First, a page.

Project-Based Learning: An Engineering Design Centered Learning: An Engineering Design Centered Model . CAN SAYGIN1, ... The realization of this type of learning ... product; therefore, the ...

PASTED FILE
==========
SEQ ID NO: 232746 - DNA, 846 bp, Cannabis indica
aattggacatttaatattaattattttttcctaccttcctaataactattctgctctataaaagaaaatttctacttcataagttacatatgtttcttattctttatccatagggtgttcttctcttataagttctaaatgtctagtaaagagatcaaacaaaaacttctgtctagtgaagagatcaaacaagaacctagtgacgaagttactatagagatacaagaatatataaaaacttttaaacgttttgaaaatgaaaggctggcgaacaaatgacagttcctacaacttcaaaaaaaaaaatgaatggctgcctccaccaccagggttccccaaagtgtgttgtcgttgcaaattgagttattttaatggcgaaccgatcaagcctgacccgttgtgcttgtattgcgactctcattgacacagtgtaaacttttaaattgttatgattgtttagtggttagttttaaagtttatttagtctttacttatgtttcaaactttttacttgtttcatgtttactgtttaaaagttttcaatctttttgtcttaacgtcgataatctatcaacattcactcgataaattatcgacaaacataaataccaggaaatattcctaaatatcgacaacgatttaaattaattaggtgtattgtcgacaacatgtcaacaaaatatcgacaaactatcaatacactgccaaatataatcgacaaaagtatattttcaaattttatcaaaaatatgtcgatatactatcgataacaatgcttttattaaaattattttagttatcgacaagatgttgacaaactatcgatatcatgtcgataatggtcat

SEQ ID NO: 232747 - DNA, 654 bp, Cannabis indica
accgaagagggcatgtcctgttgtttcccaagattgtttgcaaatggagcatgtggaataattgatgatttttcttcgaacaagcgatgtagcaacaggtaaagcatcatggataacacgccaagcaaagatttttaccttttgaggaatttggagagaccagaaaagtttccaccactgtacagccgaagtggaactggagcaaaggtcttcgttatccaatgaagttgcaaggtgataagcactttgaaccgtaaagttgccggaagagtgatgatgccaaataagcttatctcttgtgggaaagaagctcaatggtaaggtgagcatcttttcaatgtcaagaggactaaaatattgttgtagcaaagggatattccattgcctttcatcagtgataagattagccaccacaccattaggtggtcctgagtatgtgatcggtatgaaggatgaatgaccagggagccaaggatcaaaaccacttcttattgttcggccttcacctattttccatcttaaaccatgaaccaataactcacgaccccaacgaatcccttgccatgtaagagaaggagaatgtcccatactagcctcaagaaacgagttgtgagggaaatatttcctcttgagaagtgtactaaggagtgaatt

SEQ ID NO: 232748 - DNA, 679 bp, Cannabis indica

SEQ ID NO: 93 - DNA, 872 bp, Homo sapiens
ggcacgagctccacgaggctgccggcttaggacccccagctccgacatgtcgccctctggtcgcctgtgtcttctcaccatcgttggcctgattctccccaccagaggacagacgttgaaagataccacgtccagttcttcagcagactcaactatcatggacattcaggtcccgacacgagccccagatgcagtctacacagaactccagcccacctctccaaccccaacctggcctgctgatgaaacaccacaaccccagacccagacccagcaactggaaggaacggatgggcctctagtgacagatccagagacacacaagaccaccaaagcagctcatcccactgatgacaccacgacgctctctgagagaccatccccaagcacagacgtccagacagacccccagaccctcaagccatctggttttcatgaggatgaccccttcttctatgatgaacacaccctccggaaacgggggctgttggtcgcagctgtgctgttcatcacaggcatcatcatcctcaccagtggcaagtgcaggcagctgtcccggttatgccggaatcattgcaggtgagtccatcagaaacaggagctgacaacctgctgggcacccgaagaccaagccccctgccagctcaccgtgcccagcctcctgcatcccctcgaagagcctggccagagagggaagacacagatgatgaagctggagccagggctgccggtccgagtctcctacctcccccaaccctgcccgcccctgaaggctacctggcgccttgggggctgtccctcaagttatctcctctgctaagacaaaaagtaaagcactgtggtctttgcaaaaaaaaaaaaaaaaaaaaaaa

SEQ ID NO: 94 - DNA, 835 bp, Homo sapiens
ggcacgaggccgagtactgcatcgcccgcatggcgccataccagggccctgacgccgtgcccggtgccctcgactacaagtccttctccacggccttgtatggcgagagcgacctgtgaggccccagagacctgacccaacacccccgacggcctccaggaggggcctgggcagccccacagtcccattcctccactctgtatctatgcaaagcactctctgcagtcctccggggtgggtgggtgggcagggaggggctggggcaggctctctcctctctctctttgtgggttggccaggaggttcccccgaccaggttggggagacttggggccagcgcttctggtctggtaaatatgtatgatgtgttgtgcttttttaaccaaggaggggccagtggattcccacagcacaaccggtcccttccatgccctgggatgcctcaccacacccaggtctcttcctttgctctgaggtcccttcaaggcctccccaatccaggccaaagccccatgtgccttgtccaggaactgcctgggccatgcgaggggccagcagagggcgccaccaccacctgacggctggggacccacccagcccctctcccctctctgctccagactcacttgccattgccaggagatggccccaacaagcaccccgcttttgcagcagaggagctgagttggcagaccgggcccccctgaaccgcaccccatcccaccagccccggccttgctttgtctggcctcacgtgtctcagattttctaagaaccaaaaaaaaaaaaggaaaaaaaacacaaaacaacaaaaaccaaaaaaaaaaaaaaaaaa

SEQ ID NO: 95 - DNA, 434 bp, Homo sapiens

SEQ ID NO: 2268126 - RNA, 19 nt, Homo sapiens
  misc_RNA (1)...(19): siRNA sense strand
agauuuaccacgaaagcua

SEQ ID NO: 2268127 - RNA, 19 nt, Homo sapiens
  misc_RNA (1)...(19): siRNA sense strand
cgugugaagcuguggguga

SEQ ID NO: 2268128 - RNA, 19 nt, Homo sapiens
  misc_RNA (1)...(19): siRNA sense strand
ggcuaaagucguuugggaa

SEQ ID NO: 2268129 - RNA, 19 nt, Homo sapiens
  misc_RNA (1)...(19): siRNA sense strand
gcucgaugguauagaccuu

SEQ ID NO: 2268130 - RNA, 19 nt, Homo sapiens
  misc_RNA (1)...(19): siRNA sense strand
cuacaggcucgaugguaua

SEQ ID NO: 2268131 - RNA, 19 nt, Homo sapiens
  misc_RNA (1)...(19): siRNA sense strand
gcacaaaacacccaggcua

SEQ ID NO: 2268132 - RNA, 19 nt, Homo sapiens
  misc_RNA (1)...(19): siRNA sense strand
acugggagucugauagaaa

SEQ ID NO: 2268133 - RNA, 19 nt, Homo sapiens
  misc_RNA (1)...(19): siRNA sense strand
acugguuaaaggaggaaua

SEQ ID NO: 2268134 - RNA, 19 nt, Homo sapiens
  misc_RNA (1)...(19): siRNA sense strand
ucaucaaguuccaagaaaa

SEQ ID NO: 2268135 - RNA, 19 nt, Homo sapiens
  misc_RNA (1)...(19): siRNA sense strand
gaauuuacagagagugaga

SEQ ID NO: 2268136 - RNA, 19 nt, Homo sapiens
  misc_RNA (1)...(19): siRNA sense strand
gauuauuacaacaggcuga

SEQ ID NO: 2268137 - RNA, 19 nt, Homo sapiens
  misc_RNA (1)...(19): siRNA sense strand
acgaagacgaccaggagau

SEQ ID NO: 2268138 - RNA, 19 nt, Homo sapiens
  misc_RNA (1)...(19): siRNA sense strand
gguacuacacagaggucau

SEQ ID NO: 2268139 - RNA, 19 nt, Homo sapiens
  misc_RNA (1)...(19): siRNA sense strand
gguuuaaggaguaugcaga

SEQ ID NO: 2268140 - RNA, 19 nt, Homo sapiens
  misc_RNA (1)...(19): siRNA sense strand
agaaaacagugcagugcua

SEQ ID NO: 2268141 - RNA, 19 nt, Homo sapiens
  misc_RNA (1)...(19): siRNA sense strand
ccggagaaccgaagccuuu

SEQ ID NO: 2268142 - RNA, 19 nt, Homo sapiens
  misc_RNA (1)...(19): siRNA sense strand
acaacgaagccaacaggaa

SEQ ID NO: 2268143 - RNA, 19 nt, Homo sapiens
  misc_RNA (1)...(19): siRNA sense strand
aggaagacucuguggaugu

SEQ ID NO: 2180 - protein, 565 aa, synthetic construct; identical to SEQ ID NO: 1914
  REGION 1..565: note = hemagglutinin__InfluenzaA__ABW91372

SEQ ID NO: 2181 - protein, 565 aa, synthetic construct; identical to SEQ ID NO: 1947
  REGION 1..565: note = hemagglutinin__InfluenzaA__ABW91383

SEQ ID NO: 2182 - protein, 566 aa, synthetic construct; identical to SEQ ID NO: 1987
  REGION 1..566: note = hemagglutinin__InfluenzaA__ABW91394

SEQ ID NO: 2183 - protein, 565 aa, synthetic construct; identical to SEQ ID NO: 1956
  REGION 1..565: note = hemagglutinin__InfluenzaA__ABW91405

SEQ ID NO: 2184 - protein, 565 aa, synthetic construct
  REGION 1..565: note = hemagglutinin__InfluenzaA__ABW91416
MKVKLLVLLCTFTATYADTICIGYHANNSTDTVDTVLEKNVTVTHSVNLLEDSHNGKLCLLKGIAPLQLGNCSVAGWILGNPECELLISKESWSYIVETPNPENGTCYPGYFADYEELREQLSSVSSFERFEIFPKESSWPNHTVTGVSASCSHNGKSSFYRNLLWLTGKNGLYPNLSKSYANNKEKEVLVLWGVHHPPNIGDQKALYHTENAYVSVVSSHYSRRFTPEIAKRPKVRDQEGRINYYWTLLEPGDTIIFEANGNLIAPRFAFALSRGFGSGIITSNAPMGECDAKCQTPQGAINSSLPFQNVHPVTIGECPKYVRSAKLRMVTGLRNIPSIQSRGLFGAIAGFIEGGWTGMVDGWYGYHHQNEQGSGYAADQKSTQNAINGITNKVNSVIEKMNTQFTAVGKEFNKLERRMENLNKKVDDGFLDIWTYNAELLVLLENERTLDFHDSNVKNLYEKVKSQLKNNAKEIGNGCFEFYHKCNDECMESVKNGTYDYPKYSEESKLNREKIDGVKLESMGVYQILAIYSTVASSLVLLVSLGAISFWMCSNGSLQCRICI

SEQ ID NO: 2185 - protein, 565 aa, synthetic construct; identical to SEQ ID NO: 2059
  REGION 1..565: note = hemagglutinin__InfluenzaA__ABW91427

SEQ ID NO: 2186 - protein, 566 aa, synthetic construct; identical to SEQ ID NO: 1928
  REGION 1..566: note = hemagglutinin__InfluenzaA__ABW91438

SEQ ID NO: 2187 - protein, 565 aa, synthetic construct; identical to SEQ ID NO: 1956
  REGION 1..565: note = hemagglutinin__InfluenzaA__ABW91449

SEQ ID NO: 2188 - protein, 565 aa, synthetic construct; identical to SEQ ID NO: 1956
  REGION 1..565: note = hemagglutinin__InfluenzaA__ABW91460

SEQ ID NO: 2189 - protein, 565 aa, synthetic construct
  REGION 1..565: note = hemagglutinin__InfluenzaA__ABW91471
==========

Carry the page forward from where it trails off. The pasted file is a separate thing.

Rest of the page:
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<ul><li><p>Project-Based Learning: An Engineering Design Centered Model </p><p>CAN SAYGIN1, EMILY BONNER</p><p>2, BETTY TRAVIS</p><p>3 </p><p> OSCAR CHAVEZ4, and GUADALUPE CARMONA</p><p>5 </p><p>1Mechanical Engineering Department </p><p>2, 5Interdisciplinary Learning and Teaching Department </p><p>3, 4Mathematics Department </p><p>University of Texas at San Antonio (UTSA) </p><p>One UTSA Circle, San Antonio, Texas 78249 </p><p>U.S.A. </p><p>Abstract: In this paper, an engineering design-centered project based learning (ED/PBL) model is presented. </p><p>The ED/PBL model is used as a roadmap to develop Science, Technology, Engineering, and Mathematics </p><p>(STEM) activities for K-12 students and teachers. The ED/PBL model incorporates principles of activity-based </p><p>learning, problem-based learning, and project-based learning in a progressive manner. The ED/PBL model has </p><p>been used as part of summer camps for kids, in-class activities by teachers, and semester-long projects for first </p><p>year engineering students. Overall, ED/PBL is an effective approach for improving problem-solving skills of </p><p>students. The model enables students and teachers to make connections between concepts, facts, and various </p><p>skills by interaction with physical objects and each other instead of passively receiving information. Despite its </p><p>great potential, creating such an active learning environment requires more work on the part of students and </p><p>teachers compared to in-class lectures. During development and deployment of EB/PBL activities, we have </p><p>observed a significant increase in students confidence in their problem solving and willingness to ask </p><p>questions and further involve in deep discussion. Overall, we have seen that the ED/PBL approach stimulates </p><p>curiosity and motivation, which are two essential ingredients for effective learning. </p><p>Key-Words: Project-Based Learning; Problem-Based Learning; Activity-Based Learning; Active Learning. </p><p>1 Introduction Active learning has received considerable attention </p><p>over the last several decades. Part of the attention </p><p>is mixed with confusion in terms of how it differs </p><p>from traditional learning. Literature on active </p><p>learning includes various models, definitions, and </p><p>implementation frameworks, which also contribute </p><p>to the confusion due to overlapping boundaries </p><p>among these concepts. Research in the cognitive </p><p>sciences indicates that knowledge gained through </p><p>activity is more useful than knowledge gained </p><p>through memorisation. </p><p>In this paper, active learning is considered </p><p>as any instructional method that engages students in </p><p>an interactive manner in the learning process with </p><p>frequent feedback loops by making them think </p><p>about what they are doing, proactively ask </p><p>questions, and steer the learning process as opposed </p><p>to being on the receiving end of a traditional </p><p>lecture as passive listeners. </p><p>Prince [1] provides a review of active </p><p>learning approaches and classification of various </p><p>forms of active learning. There are several </p><p>comprehensive studies [2-4] carried out for meta-</p><p>analysis of data on examination scores or failure </p><p>rates when comparing student performance in undergraduate science, technology, engineering, and mathematics (STEM) courses under traditional </p><p>lecturing versus active learning. While such studies highlight the impact of active learning on student </p><p>learning and various positive outcomes [5], they </p><p>also emphasize that active learning requires more </p><p>effort for preparation, planning, execution, and </p><p>assessment. </p><p>Within the scope of active learning topic, </p><p>there are three broad categories that were utilized to </p><p>develop the framework presented in this paper. </p><p>1. Activity-Based Learning (ABL) [6,7] 2. Problem-Based Learning (pBL) [8-10] 3. Project-Based Learning (PBL) [10-12] </p><p>ABL is simply about learning by doing; if </p><p>learners are provided the opportunity to explore by </p><p>their own and are provided an optimum learning </p><p>Recent Researches in Engineering Education</p><p>ISBN: 978-1-61804-312-2 41</p><p>mailto:can.saygin@utsa.edu</p></li><li><p>environment with proper feedback then they are </p><p>motivated and learning becomes joyful and long-</p><p>lasting. pBL and PBL are more specific approaches </p><p>under the broader spectrum of ABL [13]. </p><p>PBL concept goes back to the early 1900s. </p><p>John Dewey (1859-1952) supported "learning by </p><p>doing". PBL [13] is an individual or group activity </p><p>that goes on over a period of time, resulting in a </p><p>product (synthesis type activity). It typically has a </p><p>timeline with milestones. </p><p>pBL is both a curriculum and a process. The </p><p>curriculum consists of carefully selected and </p><p>designed problems that demand from the learner </p><p>acquisition of critical knowledge, problem solving </p><p>proficiency, self-directed learning strategies, and </p><p>team participation skills [8-10, 13]. The process </p><p>replicates the commonly used systemic approach to </p><p>solving problems (analysis type activity) without an </p><p>end product as in the case of PBL. </p><p>2 Preparing for PBL This paper advocates systematically blending of </p><p>ABL, pBL , and PBL as shown in Figure 1. PBL </p><p>requires learners to have higher level skills, such as </p><p>synthesis and evaluation. Therefore, developing a </p><p>PBL environment should start with activities, then </p><p>problems, and then with all the skills acquired at </p><p>these levels, a successful PBL program can be </p><p>developed. </p><p> Fig. 1. A Systematic Approach </p><p> Activities facilitate building of personal and </p><p>team confidence, which is essential to be engaged in </p><p>active learning. Activities facilitate interaction and </p><p>lead to team building. The instructor (or facilitator) </p><p>can easily use activities to demonstrate the fun </p><p>side of non-traditional learning. </p><p> Problems help build technical and </p><p>communication skills. Learners start asking </p><p>questions to explore the unknown and formulate </p><p>problems. During problem solving, they acquire </p><p>analysis skills and learn to listen, discuss, and make </p><p>decisions. Problems have predictable outcomes </p><p>without an end product or an artefact but they </p><p>enable supervised progression through problem </p><p>solving so that learners stay engaged without feeling </p><p>lost. Problems layer in Figure 1 builds on the skills </p><p>acquired at the Activities layer. </p><p> Finally, a Project can be introduced to carry </p><p>out PBL with a timeline and milestones. PBL starts </p><p>with a vague description of a need, which needs to </p><p>be explored by teams of learners to obtain a clear </p><p>formulation of the problem, which typically leads to </p><p>an end product through a design (synthesis) activity. </p><p>Learners add new skills, such as time management, </p><p>project management, and conflict resolution or </p><p>decision making in the presence of alternative </p><p>solutions. </p><p> Due to its pyramid shape, Figure 1 suggests </p><p>that a PBL program should have a Project </p><p>founded on several Problems, which are founded </p><p>on a higher number of Activities; all strategically </p><p>blended into a curriculum so that technical skills and </p><p>people skills are introduced at a reasonable pace to </p><p>the learners. </p><p> The Activities/Problems/Projects pyramid </p><p>in Figure 1 can be supplemented by the Active </p><p>Learning Cycle (ALC) [14] as shown in Figure 2. </p><p>Content (hear) in curriculum should be </p><p>supported by visual aids and demonstrations </p><p>(observe). Learners should be provided hands-</p><p>on applications to interact with (interact). Then </p><p>problem solving step is introduced (analyze), </p><p>and finally an open-ended project is given with a </p><p>realistic timeline ( synthesize). </p><p> Fig. 2. Active Learning Cycle [14] </p><p>Recent Researches in Engineering Education</p><p>ISBN: 978-1-61804-312-2 42</p></li><li><p>3 Execution of PBL A PBL program requires learners to have acquired </p><p>analysis and synthesis skills and become familiar </p><p>with PBL. Learners in a PBL environment must be </p><p>supervised and monitored in terms of their progress </p><p>at milestones and pace in order to ensure timely </p><p>completion of the overall PBL process. As shown in </p><p>Figure 3, a successful project must be founded on </p><p>accurate problem formulation. On this foundation, </p><p>there will be three pillars of skills: Technical, </p><p>Communication, and Time Management. Together </p><p>with the foundation and pillars, a project effort will </p><p>lead successfully to an end product and a long-</p><p>lasting learning experience. </p><p> Fig. 3. PBL House </p><p>start with a strong problem formulation. program </p><p>should be Problems help build technical and </p><p>communication skills. Learners start asking </p><p>questions to explore the unknown and formulate </p><p>problems. During </p><p>Lecturing is obviously effective for </p><p>transmitting information where the learner is in a </p><p>passive, receiving mode. The ultimate goal is not </p><p>transmitting information but developing higher level </p><p>thinking skills, problem solving abilities, and </p><p>lifelong learning skills, which requires a student-</p><p>centered approach. The concepts depicted in Figures </p><p>1-3 are focused on these goals. However, it </p><p>involves a change in the role of the teacher from </p><p>presenting information to learners to facilitating and </p><p>guiding learning at a reasonable pace. </p><p>The realization of this type of learning </p><p>environment depends to a large extent on the skill of </p><p>the teacher to lead and facilitate group discussion. </p><p>For inexperienced teachers and learners, who are not </p><p>familiar with active learning, attempting to </p><p>implement PBL becomes extremely difficult. </p><p>Creating a positive experience and a success story </p><p>out of PBL, requires (1) the teacher to focus on the </p><p>design and development of the learning experience </p><p>and less on transmission of content, and (2) the </p><p>learners to set their expectation at a different level </p><p>than traditional classroom type lectures. Due to </p><p>Internet, abundance of information, and related </p><p>applications, learners of today have an attention </p><p>deficit and are not patient. Therefore, it becomes </p><p>even more challenging to keep such a group focused </p><p>on a topic for a longer time. PBL has potential to </p><p>achieve this goal if executed properly. </p><p>When learners are given open-ended </p><p>projects that require a longer time to use their </p><p>analysis and synthesis skills, as opposed to </p><p>answering multiple choice questions and finding </p><p>out the answers in a short time, it becomes essential </p><p>(1) to communicate a timeline for the project and </p><p>the nature of the expected end product, and (2) to </p><p>provide milestones along the timeline that enforces </p><p>stopping points along the timeline for discussions </p><p>and feedback. For this purpose, which is to set the </p><p>right pace for a project, the framework presented in </p><p>this paper follows an Engineering Design process, </p><p>as shown in Figure 4. </p><p> Fig. 4. Engineering Design Process </p><p> As an example, a semester-long project is </p><p>divided up into sequential phases of problem </p><p>formulation, concept design, configuration design, </p><p>parametric design, and detail design along a </p><p>timeline. The teacher communicates expectations in </p><p>terms of outcomes of each phase. While there will </p><p>Recent Researches in Engineering Education</p><p>ISBN: 978-1-61804-312-2 43</p></li><li><p>be class time to discuss project progress, this </p><p>approach requires comprehensive discussions at the </p><p>end of each phase, along with a short report. The </p><p>goal of this pause along the project timeline is to </p><p>provide concrete feedback to the project group for </p><p>their direction and decisions made so far. Teacher </p><p>may intervene to change the direction or ask the </p><p>group to consider other aspects or even sometimes </p><p>to simplify certain aspects of the project. This </p><p>approach does two adjustments: (1) Groups and </p><p>teacher feel more confident in terms of effort and </p><p>outcomes, and (2) Teacher has an opportunity to </p><p>adjust and influence the amount of effort and scope </p><p>of project across all project groups so that nobody is </p><p>left behind since the goal is to create learning </p><p>experiences during the PBL process with all the </p><p>learners onboard without solely attributing the end </p><p>products to the group success. </p><p> A project starts with a needs statement. </p><p>In Problem Formulation phase, the goal is to </p><p>convert need into a problem definition and </p><p>validate end product as a concept. For example, </p><p>below is a needs statement: </p><p>Child-proof pill bottles are too difficult for </p><p>people with arthritis to open. </p><p> The project then becomes designing a </p><p>gadget so that people with arthritis can open </p><p>child-proof bottles. Here are a few examples for </p><p>problem formulation: </p><p> design a child-proof pill bottle that is easier to open </p><p> design a child-proof pill container that is easier to open </p><p> design a child-proof pill system for dispensing pills </p><p> design a child-proof system for dispensing medication </p><p>The complexity of formulation, as listed </p><p>in the examples above, ranges from a simple bottle </p><p>to container to system. Problem Formulation phase </p><p>sets the boundaries for project requirements, </p><p>including the performance metrics for the end </p><p>product; therefore, the teacher must carefully </p><p>examine the implications of a project statement so </p><p>that project teams, across the class, tackle problems </p><p>at a similar complexity level. </p><p>In Concept Design, project teams develop </p><p>alternative concepts to meet the need and </p><p>synthesize and validate working principles. Each </p><p>alternative identified at a phase in the Engineering </p><p>Design Process (Figure 4) is moved forward to the </p><p>next phase unless there is an obvious flaw with the </p><p>alternative. In this way, alternatives are not weeded </p><p>out in a myopic fashion but they are evaluated until </p><p>the last phase. </p><p>In Configuration Design, components and </p><p>sub-components for each alternative concept from </p><p>the earlier phase are identified, analyzed, and </p><p>evaluated. The promising alternative configurations, </p><p>along with their components and sub-components, </p><p>are further analyzed in the Parametric Design phase. </p><p>In this phase, uncontrollable (constraints) and </p><p>controllable (design parameters) parameters are </p><p>identified for each alternative configuration. An </p><p>analysis of value of design parameters versus </p><p>performance is carried out. </p><p>In the Detail Design, manufacturability and </p><p>prototyping issues are determined for each </p><p>alternative design. After a comparison and ranking </p><p>of alternative designs, the best design is moved </p><p>forward for prototyping and development. </p><p>The overall engineering design-centered </p><p>project based learning (ED/PBL) model is shown in </p><p>Figure 5. </p><p>Fig. 5. Engineering design-centered project based </p><p>learning (ED/PBL) model </p><p>4 Conclusions The ED/PBL model has been used in developing </p><p>PBL programs for K-12 students, freshman level </p><p>engineering students, and teachers (train-the-trainer </p><p>programs) at the University of Texas at San </p><p>Antonio. </p><p> As instructors of PBL programs, we have </p><p>seen that converting the classroom into a student-</p><p>Recent Researches in Engineering Education</p><p>ISBN: 978-1-61804-312-2 44</p></li><li><p>centered learning environment enables students to </p><p>voice their opinions freely and allows for effective </p><p>articulation of viewpoints and concerns. Group </p><p>activities, ranging from short team building </p><p>activities to group problem solving to semester-long </p><p>projects, reinforce accountability; students feel </p><p>responsible...</p></li></ul>